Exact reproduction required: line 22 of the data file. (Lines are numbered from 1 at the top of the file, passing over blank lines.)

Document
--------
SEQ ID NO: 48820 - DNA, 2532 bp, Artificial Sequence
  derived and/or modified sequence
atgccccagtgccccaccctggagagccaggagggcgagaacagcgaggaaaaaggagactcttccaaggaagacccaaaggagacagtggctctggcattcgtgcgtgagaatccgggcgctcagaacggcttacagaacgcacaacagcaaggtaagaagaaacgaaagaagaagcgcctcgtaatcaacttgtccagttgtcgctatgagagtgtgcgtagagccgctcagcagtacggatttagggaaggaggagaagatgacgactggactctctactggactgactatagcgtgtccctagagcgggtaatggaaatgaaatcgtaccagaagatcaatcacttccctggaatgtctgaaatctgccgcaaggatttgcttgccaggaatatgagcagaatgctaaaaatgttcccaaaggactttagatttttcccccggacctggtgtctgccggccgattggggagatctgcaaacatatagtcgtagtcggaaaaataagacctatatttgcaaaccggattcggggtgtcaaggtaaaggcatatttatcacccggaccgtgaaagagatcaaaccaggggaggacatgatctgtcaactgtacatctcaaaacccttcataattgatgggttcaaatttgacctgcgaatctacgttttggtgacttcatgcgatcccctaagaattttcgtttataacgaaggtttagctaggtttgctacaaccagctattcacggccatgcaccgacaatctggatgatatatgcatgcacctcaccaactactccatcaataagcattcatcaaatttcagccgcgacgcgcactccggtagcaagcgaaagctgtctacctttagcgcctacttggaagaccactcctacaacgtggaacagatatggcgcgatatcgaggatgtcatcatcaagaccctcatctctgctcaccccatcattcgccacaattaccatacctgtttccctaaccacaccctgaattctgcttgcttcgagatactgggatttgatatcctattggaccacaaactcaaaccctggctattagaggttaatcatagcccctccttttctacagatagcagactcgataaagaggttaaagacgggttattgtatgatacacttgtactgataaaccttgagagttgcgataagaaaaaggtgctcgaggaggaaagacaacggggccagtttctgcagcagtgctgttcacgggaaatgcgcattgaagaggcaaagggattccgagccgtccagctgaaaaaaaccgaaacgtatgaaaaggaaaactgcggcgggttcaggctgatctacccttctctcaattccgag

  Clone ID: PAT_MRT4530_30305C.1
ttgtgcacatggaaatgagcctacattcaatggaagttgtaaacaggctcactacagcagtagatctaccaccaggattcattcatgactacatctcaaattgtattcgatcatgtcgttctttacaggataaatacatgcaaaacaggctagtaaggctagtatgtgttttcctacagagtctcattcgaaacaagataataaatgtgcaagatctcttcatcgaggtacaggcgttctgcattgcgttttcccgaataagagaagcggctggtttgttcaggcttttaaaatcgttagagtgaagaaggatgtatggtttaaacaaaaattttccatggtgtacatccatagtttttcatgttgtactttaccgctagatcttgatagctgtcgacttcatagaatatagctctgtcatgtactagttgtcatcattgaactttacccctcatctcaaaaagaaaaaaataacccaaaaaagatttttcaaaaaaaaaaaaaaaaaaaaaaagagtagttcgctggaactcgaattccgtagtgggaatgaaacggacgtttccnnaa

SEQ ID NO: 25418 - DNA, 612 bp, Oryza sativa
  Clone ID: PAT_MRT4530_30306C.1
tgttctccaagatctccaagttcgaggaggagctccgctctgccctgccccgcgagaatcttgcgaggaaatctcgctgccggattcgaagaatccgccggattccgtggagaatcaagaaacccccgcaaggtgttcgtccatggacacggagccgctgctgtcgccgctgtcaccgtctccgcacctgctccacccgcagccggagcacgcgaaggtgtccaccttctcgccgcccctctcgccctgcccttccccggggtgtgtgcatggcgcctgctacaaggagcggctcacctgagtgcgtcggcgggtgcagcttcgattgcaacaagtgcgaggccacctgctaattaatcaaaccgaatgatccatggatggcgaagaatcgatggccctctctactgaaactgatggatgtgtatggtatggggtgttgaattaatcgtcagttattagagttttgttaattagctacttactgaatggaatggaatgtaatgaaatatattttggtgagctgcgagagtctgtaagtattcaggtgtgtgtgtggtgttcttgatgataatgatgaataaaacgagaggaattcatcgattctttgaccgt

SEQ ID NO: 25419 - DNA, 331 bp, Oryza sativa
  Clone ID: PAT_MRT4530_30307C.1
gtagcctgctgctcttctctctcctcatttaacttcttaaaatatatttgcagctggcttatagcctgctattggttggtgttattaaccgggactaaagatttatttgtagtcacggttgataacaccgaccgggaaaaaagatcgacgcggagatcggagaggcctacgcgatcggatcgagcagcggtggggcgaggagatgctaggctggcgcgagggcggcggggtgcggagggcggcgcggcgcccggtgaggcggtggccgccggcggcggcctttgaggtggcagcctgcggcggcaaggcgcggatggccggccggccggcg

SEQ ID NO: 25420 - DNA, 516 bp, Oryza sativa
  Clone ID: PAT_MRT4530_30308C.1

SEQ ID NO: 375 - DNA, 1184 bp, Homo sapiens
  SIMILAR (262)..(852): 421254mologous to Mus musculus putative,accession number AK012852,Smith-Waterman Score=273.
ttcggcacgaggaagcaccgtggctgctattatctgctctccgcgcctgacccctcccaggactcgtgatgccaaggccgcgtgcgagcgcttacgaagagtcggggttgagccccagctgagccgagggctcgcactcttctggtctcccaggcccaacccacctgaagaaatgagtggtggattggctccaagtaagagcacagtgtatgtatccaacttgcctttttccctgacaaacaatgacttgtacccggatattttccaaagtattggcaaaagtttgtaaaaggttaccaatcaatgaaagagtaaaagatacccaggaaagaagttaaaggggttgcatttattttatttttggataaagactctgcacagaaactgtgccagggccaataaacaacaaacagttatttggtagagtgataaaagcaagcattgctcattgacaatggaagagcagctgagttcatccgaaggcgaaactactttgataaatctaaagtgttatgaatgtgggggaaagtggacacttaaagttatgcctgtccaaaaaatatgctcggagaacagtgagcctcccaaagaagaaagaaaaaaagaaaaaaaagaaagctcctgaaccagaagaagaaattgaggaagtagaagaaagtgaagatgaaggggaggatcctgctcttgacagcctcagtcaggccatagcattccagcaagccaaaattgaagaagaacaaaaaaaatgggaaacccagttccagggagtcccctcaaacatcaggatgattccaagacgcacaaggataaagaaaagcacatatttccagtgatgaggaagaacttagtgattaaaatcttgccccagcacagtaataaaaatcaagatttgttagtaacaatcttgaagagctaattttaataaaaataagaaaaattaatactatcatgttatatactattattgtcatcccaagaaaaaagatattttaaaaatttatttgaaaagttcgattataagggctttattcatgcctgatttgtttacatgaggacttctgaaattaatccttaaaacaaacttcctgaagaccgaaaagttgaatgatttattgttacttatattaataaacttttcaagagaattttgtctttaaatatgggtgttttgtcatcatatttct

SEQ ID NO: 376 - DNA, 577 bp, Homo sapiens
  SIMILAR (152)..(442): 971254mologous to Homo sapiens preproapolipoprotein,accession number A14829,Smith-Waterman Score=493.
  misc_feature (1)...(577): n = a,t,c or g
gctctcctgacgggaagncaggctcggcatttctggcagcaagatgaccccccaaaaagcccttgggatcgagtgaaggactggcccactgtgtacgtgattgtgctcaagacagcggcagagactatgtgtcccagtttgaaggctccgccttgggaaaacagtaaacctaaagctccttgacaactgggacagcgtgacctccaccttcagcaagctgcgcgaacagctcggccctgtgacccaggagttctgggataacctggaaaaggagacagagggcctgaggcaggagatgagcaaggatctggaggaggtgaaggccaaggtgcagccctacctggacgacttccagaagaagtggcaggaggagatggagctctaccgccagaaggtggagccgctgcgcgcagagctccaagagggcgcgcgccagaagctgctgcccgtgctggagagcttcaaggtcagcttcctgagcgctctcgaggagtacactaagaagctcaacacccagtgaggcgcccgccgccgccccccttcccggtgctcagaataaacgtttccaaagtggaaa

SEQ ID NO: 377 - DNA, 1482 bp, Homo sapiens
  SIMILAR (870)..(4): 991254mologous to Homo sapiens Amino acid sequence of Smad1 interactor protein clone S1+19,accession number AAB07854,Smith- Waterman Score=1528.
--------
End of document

  SIMILAR (870)..(4): 991254mologous to Homo sapiens Amino acid sequence of Smad1 interactor protein clone S1+19,accession number AAB07854,Smith- Waterman Score=1528.